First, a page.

Expressing concern over Malaysian palm oil flooding Indian markets, edible oil trade body SEA Friday asked Prime Minister Narendra Modi to hike import duty on palm oil being purchased from the South-east Asian country, to safeguard domestic oilseed farmers. In January, India had reduced import duty on refined palm oil sourced from Malaysia to 45 per cent from 54 per cent as part of a Comprehensive Economic Cooperation Agreement (CECA) signed by the two countries in the fiscal year 2010-11.
India is the world's leading vegetable oil buyer and the share of palm oil is more than 60 per cent of the overall imports. In a representation made to the Prime Minister, Mumbai-based Solvent Extractors Association of India (SEA) said there has been a "sharp increase" in imports of refined palm oil as a consequence of the India-Malaysia CECA pact.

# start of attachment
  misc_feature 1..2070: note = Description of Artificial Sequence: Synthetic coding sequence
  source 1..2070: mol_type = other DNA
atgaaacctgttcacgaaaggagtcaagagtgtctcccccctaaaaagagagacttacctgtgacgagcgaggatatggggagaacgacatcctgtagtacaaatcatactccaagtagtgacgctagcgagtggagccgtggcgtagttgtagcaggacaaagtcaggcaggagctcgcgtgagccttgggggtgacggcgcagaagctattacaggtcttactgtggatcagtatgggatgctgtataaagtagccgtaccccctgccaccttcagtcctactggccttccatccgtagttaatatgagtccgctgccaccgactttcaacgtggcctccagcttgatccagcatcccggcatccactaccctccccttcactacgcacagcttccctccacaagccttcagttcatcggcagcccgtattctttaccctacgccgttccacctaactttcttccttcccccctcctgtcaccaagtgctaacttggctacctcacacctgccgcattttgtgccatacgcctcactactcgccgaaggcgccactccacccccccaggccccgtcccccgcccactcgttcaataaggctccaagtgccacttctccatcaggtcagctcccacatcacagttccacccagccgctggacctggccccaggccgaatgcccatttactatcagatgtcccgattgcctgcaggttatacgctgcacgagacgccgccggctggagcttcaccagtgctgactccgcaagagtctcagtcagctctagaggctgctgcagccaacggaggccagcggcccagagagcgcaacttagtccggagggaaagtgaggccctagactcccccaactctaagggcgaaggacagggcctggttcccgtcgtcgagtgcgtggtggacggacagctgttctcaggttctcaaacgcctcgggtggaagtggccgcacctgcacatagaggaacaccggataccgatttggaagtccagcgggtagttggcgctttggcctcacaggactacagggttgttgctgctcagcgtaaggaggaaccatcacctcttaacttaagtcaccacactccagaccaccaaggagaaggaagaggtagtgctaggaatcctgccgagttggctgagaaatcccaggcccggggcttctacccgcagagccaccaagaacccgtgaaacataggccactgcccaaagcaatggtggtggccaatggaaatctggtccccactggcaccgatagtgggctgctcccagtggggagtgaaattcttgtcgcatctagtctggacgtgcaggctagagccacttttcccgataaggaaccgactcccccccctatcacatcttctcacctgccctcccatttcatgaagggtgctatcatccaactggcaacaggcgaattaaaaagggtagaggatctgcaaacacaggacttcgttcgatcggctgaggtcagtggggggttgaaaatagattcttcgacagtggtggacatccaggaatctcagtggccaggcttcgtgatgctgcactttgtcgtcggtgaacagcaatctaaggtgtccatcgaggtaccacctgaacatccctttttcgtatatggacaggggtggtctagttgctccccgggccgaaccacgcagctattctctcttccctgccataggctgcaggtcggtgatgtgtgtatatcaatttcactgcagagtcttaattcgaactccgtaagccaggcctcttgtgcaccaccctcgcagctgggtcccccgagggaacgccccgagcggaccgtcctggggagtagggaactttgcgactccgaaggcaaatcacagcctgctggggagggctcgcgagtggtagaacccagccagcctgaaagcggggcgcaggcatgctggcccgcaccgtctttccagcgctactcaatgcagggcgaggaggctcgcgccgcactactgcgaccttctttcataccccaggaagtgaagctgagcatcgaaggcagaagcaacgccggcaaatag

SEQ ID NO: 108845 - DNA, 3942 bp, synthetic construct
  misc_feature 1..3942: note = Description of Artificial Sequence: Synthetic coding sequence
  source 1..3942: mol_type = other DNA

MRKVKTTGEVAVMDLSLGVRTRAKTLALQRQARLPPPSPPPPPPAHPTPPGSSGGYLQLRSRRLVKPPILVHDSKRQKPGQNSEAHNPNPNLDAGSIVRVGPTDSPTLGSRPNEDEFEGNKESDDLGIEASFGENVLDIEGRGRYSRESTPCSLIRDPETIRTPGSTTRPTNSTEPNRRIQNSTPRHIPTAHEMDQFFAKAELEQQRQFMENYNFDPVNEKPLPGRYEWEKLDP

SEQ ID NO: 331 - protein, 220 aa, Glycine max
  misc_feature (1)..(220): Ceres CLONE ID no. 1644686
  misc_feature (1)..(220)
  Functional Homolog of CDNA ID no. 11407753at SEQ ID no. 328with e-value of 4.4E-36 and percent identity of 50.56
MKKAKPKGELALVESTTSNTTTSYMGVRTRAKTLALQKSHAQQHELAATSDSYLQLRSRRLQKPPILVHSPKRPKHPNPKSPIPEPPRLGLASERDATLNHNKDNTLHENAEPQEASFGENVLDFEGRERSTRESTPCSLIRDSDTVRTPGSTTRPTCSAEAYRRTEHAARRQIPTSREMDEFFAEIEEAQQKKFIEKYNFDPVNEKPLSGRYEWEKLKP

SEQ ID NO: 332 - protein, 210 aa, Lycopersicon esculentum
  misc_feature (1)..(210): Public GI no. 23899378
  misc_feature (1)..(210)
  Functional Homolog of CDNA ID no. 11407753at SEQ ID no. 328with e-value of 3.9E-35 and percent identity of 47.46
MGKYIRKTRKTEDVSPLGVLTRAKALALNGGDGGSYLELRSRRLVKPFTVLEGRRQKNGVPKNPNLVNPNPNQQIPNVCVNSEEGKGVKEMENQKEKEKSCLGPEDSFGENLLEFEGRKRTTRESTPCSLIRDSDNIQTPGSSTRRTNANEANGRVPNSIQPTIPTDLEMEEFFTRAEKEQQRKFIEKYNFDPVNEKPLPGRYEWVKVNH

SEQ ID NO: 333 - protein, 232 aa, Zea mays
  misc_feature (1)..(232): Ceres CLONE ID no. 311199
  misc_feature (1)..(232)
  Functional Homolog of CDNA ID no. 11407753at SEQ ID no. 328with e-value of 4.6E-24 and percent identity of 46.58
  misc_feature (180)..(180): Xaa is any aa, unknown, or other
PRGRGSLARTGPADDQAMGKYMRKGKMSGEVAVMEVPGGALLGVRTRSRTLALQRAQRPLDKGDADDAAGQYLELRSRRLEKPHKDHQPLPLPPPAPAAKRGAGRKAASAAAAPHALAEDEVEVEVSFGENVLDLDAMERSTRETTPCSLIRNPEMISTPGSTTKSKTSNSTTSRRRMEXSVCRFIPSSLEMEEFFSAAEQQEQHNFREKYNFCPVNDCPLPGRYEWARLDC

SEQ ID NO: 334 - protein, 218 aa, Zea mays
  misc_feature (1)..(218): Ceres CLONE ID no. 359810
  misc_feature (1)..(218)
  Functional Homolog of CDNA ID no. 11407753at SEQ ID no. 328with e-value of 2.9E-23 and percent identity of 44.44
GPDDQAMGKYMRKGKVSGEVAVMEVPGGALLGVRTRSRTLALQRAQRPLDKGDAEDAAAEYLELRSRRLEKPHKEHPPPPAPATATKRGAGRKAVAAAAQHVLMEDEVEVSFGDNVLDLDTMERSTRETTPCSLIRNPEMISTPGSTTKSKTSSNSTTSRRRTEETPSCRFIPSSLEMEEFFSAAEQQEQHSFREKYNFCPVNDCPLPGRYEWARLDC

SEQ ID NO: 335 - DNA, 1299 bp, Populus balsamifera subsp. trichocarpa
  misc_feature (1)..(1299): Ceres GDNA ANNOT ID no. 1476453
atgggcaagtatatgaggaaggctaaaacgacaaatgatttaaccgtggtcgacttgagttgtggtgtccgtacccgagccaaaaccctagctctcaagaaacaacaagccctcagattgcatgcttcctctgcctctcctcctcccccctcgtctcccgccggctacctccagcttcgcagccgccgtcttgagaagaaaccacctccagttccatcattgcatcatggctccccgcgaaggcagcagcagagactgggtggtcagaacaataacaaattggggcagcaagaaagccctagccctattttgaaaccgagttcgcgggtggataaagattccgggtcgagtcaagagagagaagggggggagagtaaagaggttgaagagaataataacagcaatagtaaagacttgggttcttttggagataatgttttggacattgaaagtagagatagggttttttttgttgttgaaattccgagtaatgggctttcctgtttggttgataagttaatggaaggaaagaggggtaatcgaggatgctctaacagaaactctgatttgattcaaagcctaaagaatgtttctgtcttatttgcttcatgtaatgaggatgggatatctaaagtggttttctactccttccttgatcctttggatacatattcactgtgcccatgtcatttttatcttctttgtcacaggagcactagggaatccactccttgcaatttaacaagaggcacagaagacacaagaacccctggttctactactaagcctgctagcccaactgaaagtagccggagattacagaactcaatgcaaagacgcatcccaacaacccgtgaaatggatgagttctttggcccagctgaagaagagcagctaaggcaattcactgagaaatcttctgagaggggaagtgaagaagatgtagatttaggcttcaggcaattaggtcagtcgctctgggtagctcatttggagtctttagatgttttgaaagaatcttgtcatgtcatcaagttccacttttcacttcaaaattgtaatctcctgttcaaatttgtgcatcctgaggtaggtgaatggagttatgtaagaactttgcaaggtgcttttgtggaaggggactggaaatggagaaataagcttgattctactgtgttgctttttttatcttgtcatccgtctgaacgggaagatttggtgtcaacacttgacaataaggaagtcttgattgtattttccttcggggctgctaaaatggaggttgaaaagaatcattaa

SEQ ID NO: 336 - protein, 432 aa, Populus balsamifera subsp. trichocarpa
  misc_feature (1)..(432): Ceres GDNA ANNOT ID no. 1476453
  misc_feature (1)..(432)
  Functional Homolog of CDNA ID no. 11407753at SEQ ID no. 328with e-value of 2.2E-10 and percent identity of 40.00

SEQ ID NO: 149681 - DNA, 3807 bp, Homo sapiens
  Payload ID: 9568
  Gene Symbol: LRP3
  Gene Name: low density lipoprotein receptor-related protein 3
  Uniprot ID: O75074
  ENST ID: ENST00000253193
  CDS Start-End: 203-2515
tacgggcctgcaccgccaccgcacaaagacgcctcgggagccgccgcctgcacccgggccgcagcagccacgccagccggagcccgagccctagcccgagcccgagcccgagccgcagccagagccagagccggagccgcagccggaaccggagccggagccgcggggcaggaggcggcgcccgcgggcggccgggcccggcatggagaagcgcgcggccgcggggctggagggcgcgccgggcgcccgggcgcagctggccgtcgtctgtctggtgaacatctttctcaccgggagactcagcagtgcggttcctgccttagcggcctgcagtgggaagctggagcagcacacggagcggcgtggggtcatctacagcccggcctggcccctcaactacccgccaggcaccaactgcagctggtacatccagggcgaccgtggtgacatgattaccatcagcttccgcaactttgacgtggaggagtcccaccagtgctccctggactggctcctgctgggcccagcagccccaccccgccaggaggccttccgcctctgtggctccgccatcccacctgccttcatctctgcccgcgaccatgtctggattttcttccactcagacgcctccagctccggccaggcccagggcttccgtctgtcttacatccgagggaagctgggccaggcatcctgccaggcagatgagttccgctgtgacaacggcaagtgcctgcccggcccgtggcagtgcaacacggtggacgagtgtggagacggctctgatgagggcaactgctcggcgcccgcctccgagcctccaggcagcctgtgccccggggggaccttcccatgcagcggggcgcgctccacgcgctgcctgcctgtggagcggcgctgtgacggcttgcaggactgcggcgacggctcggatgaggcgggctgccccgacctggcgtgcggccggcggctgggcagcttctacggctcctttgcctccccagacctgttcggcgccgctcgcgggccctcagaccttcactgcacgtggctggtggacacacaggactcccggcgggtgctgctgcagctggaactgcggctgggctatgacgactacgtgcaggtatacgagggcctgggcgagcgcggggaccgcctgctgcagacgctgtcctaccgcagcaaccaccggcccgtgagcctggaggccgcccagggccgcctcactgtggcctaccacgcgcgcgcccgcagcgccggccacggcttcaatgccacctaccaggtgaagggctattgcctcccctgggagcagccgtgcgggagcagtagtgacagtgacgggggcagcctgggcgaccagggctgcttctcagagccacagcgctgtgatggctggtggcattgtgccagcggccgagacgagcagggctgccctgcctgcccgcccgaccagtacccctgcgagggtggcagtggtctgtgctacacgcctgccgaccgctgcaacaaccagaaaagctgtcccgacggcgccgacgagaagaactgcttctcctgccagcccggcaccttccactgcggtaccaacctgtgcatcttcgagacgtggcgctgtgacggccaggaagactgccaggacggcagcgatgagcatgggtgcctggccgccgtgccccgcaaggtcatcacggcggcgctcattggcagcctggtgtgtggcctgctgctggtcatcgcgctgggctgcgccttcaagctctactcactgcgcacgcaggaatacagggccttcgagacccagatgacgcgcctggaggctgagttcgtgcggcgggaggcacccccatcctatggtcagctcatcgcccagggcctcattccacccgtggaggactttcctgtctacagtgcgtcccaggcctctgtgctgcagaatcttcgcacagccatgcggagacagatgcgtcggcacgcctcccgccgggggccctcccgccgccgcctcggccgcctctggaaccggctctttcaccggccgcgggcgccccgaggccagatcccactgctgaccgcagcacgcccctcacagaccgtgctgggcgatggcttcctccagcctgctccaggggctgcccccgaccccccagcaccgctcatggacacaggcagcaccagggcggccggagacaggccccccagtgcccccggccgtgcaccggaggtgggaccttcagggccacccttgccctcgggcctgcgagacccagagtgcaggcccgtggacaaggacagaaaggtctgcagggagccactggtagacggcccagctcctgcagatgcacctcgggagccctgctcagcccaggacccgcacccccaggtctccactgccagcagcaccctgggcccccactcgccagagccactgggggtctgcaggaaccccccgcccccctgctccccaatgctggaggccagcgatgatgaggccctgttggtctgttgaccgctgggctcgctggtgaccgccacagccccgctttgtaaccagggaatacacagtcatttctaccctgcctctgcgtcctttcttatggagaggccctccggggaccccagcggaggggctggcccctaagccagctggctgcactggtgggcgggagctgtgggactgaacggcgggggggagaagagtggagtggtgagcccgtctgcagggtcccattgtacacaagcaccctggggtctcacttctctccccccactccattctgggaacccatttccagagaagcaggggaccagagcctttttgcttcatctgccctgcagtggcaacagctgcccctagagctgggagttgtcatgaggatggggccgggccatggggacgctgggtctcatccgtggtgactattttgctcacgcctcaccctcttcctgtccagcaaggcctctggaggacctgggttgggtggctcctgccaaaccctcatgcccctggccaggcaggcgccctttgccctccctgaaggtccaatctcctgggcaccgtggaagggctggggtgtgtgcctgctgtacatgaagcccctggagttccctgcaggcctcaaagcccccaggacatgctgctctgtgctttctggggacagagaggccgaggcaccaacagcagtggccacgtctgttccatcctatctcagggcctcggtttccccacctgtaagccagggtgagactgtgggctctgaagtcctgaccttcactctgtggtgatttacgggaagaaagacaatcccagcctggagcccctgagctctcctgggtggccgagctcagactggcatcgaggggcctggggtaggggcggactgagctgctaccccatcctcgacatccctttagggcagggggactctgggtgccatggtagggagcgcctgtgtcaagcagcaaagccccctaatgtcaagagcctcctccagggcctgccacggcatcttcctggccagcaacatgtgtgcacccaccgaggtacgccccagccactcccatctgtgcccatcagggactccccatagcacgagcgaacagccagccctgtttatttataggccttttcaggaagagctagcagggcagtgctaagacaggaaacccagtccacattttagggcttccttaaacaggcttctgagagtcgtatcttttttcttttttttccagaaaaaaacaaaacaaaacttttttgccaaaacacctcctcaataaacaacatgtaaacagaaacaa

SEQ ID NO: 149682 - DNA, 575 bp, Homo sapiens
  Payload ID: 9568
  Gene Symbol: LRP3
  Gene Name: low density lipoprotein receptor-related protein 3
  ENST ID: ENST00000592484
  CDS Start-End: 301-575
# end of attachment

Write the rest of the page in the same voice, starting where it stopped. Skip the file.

"We strongly appeal to the government to kindly scrap the CECA agreement with Malaysia with immediate effect and impose higher duty on (RBD) palmolein (refined palm oil) to save domestic refiners and oilseed farmers," it said. According to SEA, the refined, bleached and de-odorised (RBD) palm olein imports have gone up from 1,30,000 tonne in December 2018 to 3,71,060 tonne in May 2019, highest in any single month since May 2013.
Total palm oil imports stood at 8,18,149 tonnes during May this year, while soft oils were at 3,62,637 tonnes in the same period, it said. Total vegetable oils (both palm and soft oils) imports in May this year declined to 12,21,989 tonnes from 12,86,240 tonnes in the same month previous year, the SEA data showed.
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